Low Birth Weight Ups Risk Of Autism
University of Pennsylvania School of Nursing researchers have found a link between low birth weight and children diagnosed with autism.
The researchers found that premature infants are five times more likely to have autism than children born at normal weight.
The 862 children in the study were followed for 21 years after being born with a maximum birth weight of 4.4 pounds in New Jersey from September 1984 through July 1987.
“As survival of the smallest and most immature babies improves, impaired survivors represent an increasing public health challenge,” lead author Jennifer Pinto-Martin, MPH, PhD, director of the Center Centers for Autism and Developmental Disabilities Research and Epidemiology (CADDRE) at Penn Nursing, wrote in the journal Pediatrics. “Emerging studies suggest that low birth weight may be a risk factor for autism spectrum disorders.”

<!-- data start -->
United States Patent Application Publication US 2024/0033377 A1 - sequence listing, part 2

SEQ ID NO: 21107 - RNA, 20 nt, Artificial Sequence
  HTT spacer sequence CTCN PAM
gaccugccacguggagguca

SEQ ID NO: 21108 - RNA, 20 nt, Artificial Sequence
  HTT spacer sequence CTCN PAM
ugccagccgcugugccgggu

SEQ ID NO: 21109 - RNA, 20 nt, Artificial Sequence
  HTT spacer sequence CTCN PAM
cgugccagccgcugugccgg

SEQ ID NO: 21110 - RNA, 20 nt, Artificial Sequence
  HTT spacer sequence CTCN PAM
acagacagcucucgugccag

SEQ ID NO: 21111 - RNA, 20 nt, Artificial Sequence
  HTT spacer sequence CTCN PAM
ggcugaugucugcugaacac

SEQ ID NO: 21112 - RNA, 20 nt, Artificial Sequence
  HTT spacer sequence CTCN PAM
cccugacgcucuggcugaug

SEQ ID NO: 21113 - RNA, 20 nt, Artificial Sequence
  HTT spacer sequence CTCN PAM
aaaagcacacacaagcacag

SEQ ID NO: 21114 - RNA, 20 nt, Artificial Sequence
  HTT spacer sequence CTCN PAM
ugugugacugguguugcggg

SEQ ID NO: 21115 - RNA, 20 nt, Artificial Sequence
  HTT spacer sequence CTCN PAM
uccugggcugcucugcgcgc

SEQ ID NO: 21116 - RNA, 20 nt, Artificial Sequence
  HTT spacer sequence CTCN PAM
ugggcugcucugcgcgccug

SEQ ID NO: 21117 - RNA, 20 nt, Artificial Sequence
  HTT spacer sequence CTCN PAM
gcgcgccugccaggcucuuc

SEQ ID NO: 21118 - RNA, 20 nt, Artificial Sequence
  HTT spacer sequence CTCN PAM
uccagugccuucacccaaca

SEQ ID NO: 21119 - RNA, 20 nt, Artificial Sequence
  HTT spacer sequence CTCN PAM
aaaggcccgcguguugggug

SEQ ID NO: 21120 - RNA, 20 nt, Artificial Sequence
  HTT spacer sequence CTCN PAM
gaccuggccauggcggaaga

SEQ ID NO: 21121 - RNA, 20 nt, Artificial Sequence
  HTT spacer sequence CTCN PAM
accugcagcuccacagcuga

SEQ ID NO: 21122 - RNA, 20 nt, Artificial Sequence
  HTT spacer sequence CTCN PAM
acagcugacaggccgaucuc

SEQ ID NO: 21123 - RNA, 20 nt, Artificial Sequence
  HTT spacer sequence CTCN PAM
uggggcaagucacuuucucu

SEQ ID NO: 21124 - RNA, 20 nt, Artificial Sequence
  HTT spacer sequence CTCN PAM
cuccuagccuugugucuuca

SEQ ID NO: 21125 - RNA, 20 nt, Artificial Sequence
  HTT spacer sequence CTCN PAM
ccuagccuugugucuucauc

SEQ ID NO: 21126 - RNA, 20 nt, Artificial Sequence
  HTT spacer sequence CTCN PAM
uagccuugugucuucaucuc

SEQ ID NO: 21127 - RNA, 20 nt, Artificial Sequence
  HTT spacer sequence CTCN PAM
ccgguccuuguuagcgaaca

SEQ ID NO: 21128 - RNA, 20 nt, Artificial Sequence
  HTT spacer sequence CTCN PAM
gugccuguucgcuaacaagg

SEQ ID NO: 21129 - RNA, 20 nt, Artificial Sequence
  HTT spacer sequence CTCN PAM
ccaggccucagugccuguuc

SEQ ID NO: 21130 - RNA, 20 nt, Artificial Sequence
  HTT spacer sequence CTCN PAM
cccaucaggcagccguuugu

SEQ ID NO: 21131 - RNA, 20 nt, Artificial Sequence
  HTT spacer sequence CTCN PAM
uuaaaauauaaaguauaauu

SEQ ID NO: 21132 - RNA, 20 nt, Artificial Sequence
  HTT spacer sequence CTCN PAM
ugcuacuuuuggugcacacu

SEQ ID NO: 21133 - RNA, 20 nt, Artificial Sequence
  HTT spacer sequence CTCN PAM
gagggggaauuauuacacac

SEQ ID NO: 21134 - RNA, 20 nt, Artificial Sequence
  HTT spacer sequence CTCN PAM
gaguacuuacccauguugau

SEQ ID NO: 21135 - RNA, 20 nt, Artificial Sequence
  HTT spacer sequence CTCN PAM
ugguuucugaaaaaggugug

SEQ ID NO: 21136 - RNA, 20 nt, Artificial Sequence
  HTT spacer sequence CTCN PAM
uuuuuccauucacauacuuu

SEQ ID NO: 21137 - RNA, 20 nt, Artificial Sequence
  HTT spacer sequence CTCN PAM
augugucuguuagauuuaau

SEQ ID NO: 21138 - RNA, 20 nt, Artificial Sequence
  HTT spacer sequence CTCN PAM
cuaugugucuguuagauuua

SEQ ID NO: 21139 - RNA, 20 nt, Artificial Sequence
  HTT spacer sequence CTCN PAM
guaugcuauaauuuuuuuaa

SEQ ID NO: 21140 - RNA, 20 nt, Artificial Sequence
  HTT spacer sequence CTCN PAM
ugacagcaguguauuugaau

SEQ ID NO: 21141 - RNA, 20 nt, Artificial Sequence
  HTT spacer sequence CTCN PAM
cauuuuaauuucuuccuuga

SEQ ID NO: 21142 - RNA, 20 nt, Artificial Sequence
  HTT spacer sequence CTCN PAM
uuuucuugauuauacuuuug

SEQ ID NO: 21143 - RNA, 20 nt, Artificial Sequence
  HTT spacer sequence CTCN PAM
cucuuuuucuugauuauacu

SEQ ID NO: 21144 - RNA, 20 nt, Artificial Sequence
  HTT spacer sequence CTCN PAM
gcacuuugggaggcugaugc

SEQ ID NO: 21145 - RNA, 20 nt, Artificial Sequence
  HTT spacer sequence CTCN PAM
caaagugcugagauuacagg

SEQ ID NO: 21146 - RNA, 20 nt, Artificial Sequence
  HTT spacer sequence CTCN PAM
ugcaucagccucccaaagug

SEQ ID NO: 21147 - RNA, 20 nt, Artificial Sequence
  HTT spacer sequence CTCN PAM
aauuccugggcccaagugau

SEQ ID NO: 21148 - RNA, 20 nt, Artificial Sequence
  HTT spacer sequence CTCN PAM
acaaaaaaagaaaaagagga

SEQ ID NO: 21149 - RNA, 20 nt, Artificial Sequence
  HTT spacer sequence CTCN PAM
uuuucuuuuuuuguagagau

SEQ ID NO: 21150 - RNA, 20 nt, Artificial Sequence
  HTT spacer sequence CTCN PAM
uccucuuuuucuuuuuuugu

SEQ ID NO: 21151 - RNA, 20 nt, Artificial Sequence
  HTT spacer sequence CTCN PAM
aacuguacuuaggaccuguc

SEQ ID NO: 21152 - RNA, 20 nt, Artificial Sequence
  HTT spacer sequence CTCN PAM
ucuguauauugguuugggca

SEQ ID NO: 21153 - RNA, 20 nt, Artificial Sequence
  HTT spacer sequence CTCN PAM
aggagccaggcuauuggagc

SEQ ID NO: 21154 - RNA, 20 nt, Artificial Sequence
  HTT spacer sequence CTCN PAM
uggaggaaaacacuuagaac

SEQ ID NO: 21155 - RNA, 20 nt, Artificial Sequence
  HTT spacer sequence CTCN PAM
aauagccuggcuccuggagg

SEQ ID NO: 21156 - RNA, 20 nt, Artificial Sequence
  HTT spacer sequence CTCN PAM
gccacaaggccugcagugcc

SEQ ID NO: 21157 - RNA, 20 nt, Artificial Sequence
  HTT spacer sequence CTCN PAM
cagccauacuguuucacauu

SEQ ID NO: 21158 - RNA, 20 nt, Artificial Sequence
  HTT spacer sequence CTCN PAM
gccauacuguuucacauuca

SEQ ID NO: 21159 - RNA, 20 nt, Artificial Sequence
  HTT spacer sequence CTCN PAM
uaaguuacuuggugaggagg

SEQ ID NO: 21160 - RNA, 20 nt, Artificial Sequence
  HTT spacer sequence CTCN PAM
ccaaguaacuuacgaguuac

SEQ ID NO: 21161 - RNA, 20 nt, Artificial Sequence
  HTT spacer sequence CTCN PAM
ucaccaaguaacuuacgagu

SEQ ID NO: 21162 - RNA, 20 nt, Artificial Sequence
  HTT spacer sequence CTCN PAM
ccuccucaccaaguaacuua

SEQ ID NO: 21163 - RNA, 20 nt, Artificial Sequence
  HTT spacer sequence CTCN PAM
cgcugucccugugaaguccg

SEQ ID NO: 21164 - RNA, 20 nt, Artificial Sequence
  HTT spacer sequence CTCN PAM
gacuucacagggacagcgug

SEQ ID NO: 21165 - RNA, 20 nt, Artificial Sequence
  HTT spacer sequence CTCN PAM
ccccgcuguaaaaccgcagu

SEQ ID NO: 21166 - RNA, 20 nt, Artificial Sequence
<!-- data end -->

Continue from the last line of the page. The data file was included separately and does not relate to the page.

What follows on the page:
Five percent of the children in the study were diagnosed with autism, compared to one percent of the general population.
The $3 million study is the first to find a link between low birth weight and an increased risk in developing autism spectrum disorders (ASD).
“Cognitive problems in these children may mask underlying autism,” Dr. Pinto-Martin said in the report. “If there is suspicion of autism or a positive screening test for ASD, parents should seek an evaluation for an ASD. Early intervention improves long-term outcome and can help these children both at school and at home.”
The researchers plan to investigate possible links between brain hemorrhage, a complication of premature birth, and autism by examining brain ultrasounds in future studies.
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